Minutes from the 27 February ibis-atm meeting are attached.
The following document, which was discussed during the meeting, has been
posted to the ATM work archives.
*DATE* AUTHOR <http://ibis.org/atm_wip/archive-author.html> ORGANIZATION
27-FEB-2018 Arpad Muranyi Mentor, A Siemens Business Referencing Problems (
IBIS Macromodel Task Group
Meeting date: 27 February 2018
Members (asterisk for those attending):
ANSYS: Dan Dvorscak
* Curtis Clark
Broadcom (Avago): Xingdong Dai
Cadence Design Systems: Ambrish Varma
eASIC: * David Banas
Ericsson: Anders Ekholm
GlobalFoundries: Steve Parker
IBM Luis Armenta
Intel: * Michael Mirmak
Keysight Technologies: Fangyi Rao
* Radek Biernacki
Maxim Integrated Products: Hassan Rafat
Mentor, A Siemens Business: John Angulo
* Arpad Muranyi
Micron Technology: * Randy Wolff
* Justin Butterfield
SiSoft: * Walter Katz
* Mike LaBonte
SPISim: Wei-hsing Huang
Synopsys: Rita Horner
Teraspeed Consulting Group: Scott McMorrow
Teraspeed Labs: * Bob Ross
TI: Alfred Chong
The meeting was led by Arpad Muranyi. Curtis Clark took the minutes.
Review of ARs:
Call for patent disclosure:
Review of Meeting Minutes:
- Arpad: Does anyone have any comments or corrections? [none]
- Radek: Motion to approve the minutes.
- Mike L.: Second.
- Arpad: Anyone opposed? [none]
- Arpad: [sharing his 'Referencing Problems' presentation]
- Michael M. mentioned at the last Interconnect meeting that we need to put a
halt on these discussions and come up with a decision.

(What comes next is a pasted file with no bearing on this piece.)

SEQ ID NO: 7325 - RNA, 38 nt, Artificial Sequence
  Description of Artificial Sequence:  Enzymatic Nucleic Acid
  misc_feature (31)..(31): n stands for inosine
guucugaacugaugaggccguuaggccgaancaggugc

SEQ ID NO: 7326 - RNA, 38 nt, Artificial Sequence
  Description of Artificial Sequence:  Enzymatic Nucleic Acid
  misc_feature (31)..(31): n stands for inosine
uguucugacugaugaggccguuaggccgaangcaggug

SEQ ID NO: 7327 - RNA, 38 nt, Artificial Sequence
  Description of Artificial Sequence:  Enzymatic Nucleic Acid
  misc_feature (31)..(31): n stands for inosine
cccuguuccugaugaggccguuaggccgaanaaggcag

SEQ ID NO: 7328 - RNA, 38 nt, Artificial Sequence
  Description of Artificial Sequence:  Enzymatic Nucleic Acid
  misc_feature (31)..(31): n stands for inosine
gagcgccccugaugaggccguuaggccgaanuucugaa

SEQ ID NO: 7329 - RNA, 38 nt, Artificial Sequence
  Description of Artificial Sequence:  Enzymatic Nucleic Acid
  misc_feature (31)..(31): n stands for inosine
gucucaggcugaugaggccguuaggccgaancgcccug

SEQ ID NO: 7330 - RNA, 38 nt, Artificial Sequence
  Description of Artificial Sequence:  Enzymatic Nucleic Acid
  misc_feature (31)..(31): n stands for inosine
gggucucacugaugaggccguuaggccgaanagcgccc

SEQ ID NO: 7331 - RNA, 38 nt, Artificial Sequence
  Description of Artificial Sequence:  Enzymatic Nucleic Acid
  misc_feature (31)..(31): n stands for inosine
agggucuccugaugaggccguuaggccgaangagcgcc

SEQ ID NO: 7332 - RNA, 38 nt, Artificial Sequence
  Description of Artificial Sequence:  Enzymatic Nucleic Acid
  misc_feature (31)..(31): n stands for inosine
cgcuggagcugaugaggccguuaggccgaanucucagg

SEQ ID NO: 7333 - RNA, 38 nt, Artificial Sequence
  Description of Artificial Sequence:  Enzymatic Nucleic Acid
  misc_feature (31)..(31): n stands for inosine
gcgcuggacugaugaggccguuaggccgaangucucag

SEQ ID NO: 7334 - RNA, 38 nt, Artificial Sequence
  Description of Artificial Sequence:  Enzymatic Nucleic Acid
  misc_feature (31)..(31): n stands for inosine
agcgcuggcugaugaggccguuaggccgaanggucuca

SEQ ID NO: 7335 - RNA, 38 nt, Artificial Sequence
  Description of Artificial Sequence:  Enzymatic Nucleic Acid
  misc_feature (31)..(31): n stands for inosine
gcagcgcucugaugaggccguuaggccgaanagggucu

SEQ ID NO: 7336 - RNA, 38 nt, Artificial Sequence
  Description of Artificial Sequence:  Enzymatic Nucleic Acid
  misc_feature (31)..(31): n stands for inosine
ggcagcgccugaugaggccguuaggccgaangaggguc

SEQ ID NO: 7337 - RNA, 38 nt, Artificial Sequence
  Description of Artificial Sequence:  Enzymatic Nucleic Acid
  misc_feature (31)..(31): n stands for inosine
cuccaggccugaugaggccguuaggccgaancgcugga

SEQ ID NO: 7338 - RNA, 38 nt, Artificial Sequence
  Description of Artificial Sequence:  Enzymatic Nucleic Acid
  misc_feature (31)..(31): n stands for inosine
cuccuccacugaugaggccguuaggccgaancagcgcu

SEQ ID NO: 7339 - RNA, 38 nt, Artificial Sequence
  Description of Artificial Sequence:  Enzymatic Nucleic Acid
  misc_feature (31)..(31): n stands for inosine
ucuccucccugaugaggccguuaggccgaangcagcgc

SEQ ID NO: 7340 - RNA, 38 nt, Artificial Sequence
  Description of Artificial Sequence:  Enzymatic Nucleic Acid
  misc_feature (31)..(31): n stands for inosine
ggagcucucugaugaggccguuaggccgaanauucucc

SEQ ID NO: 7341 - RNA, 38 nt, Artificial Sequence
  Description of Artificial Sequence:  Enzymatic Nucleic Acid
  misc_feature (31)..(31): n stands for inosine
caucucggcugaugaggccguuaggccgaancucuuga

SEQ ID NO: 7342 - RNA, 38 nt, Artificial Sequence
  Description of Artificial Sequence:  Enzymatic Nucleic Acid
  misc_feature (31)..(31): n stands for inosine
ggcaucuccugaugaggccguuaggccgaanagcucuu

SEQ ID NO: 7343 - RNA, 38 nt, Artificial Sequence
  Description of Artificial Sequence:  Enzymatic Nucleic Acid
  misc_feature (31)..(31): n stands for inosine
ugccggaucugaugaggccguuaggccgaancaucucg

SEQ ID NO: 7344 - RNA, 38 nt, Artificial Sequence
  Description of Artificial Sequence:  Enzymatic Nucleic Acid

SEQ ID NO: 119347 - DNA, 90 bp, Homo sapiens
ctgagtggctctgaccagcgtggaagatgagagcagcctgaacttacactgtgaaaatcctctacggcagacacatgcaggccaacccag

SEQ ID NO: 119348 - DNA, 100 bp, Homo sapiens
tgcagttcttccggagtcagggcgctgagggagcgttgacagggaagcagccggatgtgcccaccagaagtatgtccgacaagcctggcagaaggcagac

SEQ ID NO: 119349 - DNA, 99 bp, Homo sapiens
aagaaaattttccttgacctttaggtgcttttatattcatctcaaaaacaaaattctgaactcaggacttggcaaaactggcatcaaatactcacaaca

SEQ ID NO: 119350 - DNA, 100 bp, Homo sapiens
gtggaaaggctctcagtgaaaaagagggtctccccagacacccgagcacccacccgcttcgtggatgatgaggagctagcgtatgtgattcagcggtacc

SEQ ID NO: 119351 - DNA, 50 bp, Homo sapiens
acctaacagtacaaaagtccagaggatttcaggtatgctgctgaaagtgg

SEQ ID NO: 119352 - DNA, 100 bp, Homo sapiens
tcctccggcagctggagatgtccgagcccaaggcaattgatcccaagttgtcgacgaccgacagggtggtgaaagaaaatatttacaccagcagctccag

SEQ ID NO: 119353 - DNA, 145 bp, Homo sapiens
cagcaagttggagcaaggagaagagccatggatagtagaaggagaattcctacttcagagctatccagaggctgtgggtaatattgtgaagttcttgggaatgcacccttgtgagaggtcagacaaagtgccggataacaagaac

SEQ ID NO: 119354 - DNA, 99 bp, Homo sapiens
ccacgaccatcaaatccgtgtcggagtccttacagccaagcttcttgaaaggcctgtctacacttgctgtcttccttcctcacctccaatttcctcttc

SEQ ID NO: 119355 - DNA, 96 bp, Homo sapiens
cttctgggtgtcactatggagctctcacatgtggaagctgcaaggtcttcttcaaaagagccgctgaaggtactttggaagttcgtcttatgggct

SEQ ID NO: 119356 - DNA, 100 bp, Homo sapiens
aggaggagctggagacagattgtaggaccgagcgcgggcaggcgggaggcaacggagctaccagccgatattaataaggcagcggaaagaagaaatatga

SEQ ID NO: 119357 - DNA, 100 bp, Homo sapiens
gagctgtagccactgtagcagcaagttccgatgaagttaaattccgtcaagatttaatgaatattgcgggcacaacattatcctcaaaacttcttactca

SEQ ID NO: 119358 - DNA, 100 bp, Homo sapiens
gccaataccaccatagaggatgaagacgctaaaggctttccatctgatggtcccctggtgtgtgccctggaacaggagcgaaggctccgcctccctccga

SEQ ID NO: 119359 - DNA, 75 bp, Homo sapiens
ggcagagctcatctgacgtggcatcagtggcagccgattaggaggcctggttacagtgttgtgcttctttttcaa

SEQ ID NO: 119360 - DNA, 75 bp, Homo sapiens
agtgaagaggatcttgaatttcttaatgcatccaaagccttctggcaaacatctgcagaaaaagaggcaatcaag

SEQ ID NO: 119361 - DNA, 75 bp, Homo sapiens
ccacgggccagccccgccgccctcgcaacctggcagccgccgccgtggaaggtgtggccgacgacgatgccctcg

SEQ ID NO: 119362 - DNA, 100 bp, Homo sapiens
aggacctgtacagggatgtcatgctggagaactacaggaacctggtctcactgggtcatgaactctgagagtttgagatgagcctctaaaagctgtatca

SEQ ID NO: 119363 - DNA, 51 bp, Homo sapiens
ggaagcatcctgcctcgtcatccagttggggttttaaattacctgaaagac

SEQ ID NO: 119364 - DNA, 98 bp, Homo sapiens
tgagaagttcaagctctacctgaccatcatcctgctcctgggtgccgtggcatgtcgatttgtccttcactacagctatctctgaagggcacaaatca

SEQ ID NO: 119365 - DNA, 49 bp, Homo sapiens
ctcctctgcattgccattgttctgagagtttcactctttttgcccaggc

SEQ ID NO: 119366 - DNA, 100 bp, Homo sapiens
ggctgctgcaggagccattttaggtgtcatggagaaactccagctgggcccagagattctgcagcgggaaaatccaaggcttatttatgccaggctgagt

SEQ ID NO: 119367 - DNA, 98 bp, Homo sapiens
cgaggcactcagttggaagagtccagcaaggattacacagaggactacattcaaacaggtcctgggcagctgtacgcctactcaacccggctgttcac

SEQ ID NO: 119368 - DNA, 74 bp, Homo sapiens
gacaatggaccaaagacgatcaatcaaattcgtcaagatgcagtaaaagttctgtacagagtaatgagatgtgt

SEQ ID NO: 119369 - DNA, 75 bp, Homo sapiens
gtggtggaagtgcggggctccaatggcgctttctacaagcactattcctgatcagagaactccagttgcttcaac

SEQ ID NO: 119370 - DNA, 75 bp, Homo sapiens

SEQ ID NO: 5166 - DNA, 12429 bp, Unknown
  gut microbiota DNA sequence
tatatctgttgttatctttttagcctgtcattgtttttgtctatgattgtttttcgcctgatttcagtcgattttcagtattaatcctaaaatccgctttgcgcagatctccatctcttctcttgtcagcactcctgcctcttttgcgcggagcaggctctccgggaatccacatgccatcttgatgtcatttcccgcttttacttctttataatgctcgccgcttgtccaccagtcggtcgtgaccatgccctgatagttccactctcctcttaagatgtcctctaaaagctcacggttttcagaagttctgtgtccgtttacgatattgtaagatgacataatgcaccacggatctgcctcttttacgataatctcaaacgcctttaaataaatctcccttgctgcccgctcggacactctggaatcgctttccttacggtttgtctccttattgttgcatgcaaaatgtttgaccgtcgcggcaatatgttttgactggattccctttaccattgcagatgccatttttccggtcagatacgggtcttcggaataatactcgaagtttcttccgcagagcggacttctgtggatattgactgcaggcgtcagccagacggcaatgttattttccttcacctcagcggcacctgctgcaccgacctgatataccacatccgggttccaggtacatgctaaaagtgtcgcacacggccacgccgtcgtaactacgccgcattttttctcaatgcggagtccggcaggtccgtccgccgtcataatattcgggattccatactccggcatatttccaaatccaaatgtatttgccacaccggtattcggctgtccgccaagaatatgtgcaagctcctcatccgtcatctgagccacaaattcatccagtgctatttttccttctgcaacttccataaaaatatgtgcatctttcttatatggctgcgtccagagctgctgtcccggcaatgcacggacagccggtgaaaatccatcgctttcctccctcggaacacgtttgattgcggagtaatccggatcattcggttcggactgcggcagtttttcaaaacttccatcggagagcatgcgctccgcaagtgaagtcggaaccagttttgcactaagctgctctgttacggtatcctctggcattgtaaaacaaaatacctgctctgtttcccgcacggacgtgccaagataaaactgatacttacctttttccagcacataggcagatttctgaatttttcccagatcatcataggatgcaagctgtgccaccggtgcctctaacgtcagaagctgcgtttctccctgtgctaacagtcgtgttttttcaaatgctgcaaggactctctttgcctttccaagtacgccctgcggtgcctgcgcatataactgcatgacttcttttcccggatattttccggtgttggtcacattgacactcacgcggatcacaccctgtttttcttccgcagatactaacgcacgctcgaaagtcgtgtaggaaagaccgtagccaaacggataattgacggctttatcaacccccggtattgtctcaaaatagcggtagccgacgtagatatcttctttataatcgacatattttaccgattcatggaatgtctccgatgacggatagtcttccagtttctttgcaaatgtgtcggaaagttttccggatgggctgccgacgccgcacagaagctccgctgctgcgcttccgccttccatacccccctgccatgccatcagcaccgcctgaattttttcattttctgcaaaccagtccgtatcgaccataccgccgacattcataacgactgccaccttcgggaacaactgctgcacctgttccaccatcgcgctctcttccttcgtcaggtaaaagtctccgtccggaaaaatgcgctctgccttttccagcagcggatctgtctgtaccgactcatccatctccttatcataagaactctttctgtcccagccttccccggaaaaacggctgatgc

- I've prepared some slides to illustrate the referencing issues.
- [slide 1]
- For illustrative purposes, I keep distinct node names for all the
terminals, even if they are shorted (à la .connect statement in SPICE).
- Simple S-parameter block. Unity gain VCVS with a 1 Ohm resistor for the
Thevenin circuit on each side.
- All port voltages (difference between port pos and neg terminals) are
- This example shows no connection to "ground". So it should satisfy tools
with no concept of node 0.
- [slide 2]
- These examples won't give the correct results in any simulator because
there is no complete loop in the connection between S1 and S2.
- [slide 3]
- These examples both work. It's not required that all the reference nodes
be the same. We just need continuity in these loops connecting the
- [slide 4]
- Modification of slide 1 - all the reference terminals are shown tied
directly to node 0.
- Note that any Ohmic connection to node 0 would do (short, 1G Ohm, 1M Ohm).
- This provides the DC path to ground most SPICE-like tools want.
- Now plotting individual terminal voltages (with respect to node 0).
- All reference terminals are 0 (node 0).
- All positive terminals show the identical waveform (same waveform seen in
the port voltage plots in slide 1).
- [slide 5]
- Same circuit, except that each block's common reference is now tied to a
different node with a different DC offset (relative to node 0).
- Common references for each block, but because each block's reference is
different the port voltages for ports 3 and 4 are not the same as ports 1